Read the following quotes by John F. Kennedy and Wynton Marsalis. On a separate piece of paper describe how each of the speakers uses a historical context to describe the inclusive possibilities for America’s future. How, in Kennedy’s words, is a conquest of “ignorance and prejudice” similar to the experiences of pioneers during America’s westward expansion in the 19th century. What does Marsalis mean when he says that the dedication of great jazz musicians “gives us a glimpse into what America is going to be when it becomes itself”? Do you find common themes in the visions of John F. Kennedy and Wynton Marsalis? If so, please describe what these common themes are. If not, describe how you see these visions as different.
Address of Senator John F. Kennedy accepting the Democratic Party nomination for the presidency of the United States; Memorial Coliseum, Los Angeles, July 15, 1960:
For I stand tonight facing west on what was once the last frontier. From the lands that stretch three thousand miles behind me, the pioneers of old gave up their safety, their comfort and sometimes their lives to build a new world here in the West. They were not the captives of their own doubts, the prisoners of their own price tags. Their motto was not “every man for himself”—but “all for the common cause.” They were determined to make that new world strong and free, to overcome its hazards and its hardships, to conquer the enemies that threatened from without and within.
Today some would say that those struggles are all over—that all the horizons have been explored—that all the battles have been won—that there is no longer an American frontier.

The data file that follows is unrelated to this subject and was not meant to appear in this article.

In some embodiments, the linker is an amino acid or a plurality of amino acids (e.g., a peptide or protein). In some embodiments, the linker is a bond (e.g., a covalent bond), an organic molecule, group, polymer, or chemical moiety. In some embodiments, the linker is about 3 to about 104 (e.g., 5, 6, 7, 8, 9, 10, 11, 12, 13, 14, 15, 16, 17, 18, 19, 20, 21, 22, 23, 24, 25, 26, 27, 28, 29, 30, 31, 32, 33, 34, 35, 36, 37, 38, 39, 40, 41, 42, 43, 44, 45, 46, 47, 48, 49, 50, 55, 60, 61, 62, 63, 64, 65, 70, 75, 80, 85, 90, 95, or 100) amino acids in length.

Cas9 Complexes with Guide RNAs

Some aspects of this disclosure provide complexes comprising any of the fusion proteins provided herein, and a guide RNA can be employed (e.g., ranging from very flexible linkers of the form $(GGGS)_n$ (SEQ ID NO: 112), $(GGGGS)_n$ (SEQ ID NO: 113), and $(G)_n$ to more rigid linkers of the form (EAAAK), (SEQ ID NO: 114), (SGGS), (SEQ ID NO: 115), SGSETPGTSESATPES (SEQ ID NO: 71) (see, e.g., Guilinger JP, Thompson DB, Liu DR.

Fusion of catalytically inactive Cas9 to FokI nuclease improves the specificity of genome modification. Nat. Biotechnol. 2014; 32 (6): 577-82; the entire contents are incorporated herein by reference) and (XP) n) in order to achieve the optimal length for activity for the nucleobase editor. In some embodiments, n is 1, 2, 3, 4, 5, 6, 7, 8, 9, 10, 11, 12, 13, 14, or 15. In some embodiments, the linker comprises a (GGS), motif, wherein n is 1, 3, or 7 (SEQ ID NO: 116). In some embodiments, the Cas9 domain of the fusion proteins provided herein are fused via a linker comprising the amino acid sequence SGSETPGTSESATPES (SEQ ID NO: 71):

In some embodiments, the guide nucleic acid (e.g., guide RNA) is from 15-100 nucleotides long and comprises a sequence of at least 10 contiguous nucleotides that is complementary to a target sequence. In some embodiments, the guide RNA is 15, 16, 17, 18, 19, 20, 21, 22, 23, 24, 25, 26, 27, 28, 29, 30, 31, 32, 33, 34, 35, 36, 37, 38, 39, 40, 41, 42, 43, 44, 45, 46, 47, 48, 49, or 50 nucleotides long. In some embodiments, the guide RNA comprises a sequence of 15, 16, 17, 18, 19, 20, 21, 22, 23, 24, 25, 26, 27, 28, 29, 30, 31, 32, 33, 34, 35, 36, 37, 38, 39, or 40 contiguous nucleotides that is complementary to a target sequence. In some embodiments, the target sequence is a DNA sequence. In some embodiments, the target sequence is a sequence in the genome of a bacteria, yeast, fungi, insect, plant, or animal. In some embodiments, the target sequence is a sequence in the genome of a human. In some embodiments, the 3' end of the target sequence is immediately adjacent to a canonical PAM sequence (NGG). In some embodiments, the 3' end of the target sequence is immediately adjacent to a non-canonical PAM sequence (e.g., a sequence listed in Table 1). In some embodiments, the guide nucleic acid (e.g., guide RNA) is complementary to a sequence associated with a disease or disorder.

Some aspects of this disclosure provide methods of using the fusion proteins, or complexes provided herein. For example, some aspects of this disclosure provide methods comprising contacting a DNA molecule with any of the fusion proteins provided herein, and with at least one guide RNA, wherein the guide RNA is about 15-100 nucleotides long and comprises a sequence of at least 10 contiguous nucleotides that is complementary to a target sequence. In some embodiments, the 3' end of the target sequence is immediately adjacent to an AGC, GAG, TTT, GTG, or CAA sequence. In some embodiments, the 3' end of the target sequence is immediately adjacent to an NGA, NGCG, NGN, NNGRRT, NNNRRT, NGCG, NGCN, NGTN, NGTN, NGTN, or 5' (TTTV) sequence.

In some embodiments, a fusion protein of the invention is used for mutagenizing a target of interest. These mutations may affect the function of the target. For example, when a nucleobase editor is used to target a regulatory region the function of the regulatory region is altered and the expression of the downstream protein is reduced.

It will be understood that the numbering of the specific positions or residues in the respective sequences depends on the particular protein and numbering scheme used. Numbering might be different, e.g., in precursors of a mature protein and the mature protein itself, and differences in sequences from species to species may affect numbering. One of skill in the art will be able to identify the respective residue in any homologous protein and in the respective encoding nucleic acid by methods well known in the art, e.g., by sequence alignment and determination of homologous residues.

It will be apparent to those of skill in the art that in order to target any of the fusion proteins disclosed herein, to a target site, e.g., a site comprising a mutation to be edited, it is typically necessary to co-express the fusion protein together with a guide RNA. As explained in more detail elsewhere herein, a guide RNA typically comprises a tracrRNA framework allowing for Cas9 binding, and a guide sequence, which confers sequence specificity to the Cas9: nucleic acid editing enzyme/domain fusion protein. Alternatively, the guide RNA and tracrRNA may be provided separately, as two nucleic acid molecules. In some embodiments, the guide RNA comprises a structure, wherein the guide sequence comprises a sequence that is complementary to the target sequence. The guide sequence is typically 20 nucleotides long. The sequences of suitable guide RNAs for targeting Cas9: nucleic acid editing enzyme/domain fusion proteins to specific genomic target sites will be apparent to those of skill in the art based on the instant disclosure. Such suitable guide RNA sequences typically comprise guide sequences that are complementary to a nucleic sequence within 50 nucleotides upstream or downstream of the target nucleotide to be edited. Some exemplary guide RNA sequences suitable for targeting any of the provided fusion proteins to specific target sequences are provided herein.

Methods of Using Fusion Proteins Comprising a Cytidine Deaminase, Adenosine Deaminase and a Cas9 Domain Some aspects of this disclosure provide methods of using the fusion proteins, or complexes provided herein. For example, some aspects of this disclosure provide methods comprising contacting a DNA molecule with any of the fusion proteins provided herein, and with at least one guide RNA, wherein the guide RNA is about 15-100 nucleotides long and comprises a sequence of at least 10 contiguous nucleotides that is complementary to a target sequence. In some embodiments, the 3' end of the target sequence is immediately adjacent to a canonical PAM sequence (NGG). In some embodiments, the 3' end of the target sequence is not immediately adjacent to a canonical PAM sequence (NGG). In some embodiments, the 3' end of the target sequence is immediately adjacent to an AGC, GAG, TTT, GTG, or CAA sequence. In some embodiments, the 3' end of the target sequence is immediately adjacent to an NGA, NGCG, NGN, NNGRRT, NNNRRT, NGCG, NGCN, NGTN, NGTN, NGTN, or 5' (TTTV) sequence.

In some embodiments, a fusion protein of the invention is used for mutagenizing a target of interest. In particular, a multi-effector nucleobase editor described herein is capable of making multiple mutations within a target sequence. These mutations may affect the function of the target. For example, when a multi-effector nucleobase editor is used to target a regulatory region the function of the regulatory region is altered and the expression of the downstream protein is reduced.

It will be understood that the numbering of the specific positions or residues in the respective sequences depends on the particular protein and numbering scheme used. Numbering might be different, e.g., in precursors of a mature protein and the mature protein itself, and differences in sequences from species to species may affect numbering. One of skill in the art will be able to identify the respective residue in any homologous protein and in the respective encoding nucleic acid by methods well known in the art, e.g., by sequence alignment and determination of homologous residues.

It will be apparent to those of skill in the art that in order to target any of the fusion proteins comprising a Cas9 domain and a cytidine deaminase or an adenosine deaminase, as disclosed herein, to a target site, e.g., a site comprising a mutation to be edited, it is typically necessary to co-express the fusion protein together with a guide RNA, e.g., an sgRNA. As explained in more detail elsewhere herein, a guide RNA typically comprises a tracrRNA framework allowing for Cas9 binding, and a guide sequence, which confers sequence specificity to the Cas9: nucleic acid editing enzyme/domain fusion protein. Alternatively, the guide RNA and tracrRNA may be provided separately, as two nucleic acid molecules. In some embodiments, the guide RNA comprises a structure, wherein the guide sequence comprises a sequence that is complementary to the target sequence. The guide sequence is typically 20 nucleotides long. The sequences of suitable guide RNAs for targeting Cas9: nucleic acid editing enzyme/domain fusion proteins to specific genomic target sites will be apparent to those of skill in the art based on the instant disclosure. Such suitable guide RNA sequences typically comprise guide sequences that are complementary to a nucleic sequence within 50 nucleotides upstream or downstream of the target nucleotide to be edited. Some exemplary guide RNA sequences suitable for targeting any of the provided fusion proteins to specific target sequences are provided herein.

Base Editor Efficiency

But I trust that no one in this vast assemblage will agree with those sentiments. For the problems are not all solved and the battles are not all won—and we stand today on the edge of a New Frontier—the frontier of the 1960s—a frontier of unknown opportunities and perils—a frontier of unfulfilled hopes and threats.
Woodrow Wilson’s New Freedom promised our nation a new political and economic framework. Franklin Roosevelt’s New Deal promised security and succor to those in need. But the New Frontier of which I speak is not a set of promises—it is a set of challenges. It sums up not what I intend to offer the American people, but what I intend to ask of them. It appeals to their pride, not to their pocketbook—it holds out the promise of more sacrifice instead of more security.
But I tell you the New Frontier is here, whether we seek it or not. Beyond that frontier are the uncharted areas of science and space, unsolved problems of peace and war, unconquered pockets of ignorance and prejudice, unanswered questions of poverty and surplus. It would be easier to shrink back from that frontier, to look to the safe mediocrity of the past, to be lulled by good intentions and high rhetoric—and those who prefer that course should not cast their votes for me, regardless of party.
From the book Jazz: A History of America’s Music, by Geoffrey C. Ward and Ken Burns*:
Above all, as Wynton Marsalis has said, jazz offers Americans hope: “That’s the thing in jazz that got Bix Beiderbecke up out of his bed at two o’clock in the morning to pick that cornet up and practice with it into the pillow for another two or three hours. Or that would make Louis Armstrong travel around the world for fifty years nonstop, just get up out of his sickbed, crawl up on the bandstand, and play. The thing that would make Duke Ellington, Thelonious Monk, Miles Davis, Charlie Parker—any of these people that we’ve heard about, all these wonderful people—give their lives. And they did give their lives for it, because it gives us a glimpse into what America is going to be when it becomes itself. And this music tells you that it will become itself. And when you get a taste of that, there’s just nothing else you’re going to taste that’s this sweet. That’s a sweet taste, man.”
*Geoffrey C. Ward and Ken Burns, Jazz: A History of America’s Music
(New York: Alfred A. Knopf, 2000)